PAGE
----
The UK cannot “close” its border like Australia has because the UK is an island and Australia is a continent, Grant Shapps has said.
Boris Johnson has been under pressure to explain why the government has not introduced stricter measures at the border to prevent new variants of coronavirus being imported from abroad.
But the policy is not yet in force and no date has been given for when it will be enacted.
Labour has attacked the decision to only target a limited number of countries as “half-baked” as it leaves “gaping holes” at the border.
And according to The Times, the Scientific Advisory Group for Emergencies (Sage) warned the prime minister that “geographically targeted” travel bans “cannot be relied upon to stop importation of new variants”.
Quizzed on Wednesday over why the government was not introducing tougher border controls, Shapps told the Commons transport committee: “The idea that the UK could completely batten down its hatches and remain battened down for a year is mistaken.
“But also the evidence that that is the only thing that you need to do, or even the primary thing you need to do, is also pretty shaky.”
He said: “People say: ‘Why don’t we just close down and then we’ll be safe?’.
“But, of course, we wouldn’t be safe, because we are an island nation, unlike Australia or something which is an entire continent.
“That means that we need to get medicines in, we need to get food in, we need to get our raw materials in, sometimes we have to move people around, scientists and others.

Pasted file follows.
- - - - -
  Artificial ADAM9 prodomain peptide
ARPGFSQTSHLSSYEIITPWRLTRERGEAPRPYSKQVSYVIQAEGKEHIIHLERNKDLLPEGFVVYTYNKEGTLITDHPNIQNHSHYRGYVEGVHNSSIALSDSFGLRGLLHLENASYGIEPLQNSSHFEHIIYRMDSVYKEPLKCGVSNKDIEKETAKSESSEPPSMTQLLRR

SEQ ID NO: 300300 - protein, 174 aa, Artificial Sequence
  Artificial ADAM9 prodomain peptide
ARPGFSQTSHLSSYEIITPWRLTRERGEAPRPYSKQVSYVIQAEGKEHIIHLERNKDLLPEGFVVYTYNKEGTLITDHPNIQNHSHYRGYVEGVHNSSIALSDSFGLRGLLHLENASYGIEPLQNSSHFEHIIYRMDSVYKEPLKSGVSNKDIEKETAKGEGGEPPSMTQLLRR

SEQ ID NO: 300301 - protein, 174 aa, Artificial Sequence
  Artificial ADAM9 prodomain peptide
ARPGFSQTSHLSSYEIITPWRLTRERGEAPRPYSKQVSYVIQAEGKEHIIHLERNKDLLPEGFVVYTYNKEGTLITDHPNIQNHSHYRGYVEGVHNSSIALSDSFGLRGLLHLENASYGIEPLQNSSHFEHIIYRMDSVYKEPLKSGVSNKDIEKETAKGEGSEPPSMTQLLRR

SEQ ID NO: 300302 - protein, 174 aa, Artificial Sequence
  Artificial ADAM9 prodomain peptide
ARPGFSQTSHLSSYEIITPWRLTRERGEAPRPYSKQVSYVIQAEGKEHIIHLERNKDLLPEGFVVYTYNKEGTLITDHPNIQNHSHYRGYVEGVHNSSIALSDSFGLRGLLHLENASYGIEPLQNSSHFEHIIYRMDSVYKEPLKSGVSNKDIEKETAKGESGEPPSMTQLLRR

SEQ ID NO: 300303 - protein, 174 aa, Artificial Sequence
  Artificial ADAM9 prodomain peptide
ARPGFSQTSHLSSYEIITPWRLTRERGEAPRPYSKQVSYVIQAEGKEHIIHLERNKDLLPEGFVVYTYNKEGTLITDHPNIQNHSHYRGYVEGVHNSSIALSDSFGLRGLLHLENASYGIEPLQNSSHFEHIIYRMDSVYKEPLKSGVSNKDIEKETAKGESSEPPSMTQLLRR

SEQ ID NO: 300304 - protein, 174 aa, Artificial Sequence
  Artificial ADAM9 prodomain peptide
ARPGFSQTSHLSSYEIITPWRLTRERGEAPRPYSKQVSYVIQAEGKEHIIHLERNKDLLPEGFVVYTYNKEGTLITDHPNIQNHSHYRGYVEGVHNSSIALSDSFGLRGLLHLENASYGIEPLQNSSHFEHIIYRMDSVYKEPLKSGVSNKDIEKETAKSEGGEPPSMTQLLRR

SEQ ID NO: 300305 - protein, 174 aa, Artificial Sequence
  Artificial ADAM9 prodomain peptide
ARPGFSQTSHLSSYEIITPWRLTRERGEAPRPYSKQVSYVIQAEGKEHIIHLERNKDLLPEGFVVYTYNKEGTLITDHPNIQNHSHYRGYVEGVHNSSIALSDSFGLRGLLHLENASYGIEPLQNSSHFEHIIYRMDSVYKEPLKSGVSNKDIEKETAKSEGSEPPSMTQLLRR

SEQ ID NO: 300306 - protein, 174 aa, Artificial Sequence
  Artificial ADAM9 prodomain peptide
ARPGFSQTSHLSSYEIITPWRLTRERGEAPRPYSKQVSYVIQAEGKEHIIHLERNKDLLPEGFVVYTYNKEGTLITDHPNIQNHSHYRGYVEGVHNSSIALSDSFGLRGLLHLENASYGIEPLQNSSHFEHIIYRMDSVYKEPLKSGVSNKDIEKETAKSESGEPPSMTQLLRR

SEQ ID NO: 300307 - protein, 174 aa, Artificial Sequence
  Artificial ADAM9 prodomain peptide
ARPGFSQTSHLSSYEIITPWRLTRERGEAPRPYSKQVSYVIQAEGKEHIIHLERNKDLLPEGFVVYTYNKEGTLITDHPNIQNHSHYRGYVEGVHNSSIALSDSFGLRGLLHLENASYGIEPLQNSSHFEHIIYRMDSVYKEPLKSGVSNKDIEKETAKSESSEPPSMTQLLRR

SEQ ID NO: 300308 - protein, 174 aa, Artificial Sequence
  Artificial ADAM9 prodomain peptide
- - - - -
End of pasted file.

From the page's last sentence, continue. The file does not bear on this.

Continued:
“If we weren’t doing these things then we simply wouldn’t be combating this crisis.
“In fact, specifically we wouldn’t have had things like the medicines that we’ve needed or indeed the vaccinations, some of which are manufactured in Europe, only 20 miles away at its closest point.”
Although Australia is sometimes called an “island continent,” most geographers consider islands and continents to be separate things and therefore Australia is widely referred to as a continent.
Whatever it is, it confirmed its first case on January 25 and its borders were closed to non-residents on March 20.
From March 27 people returning home to Australia had to quarantine for two weeks in government run hotels.
New Zealand, also an island nation, confirmed its first case of Covid on February 28 and closed its borders to all non-residents on March 19.
Residents returning home were required to self-isolate. On April 10 the rules were tightened with the isolation having to take place in government run hotels.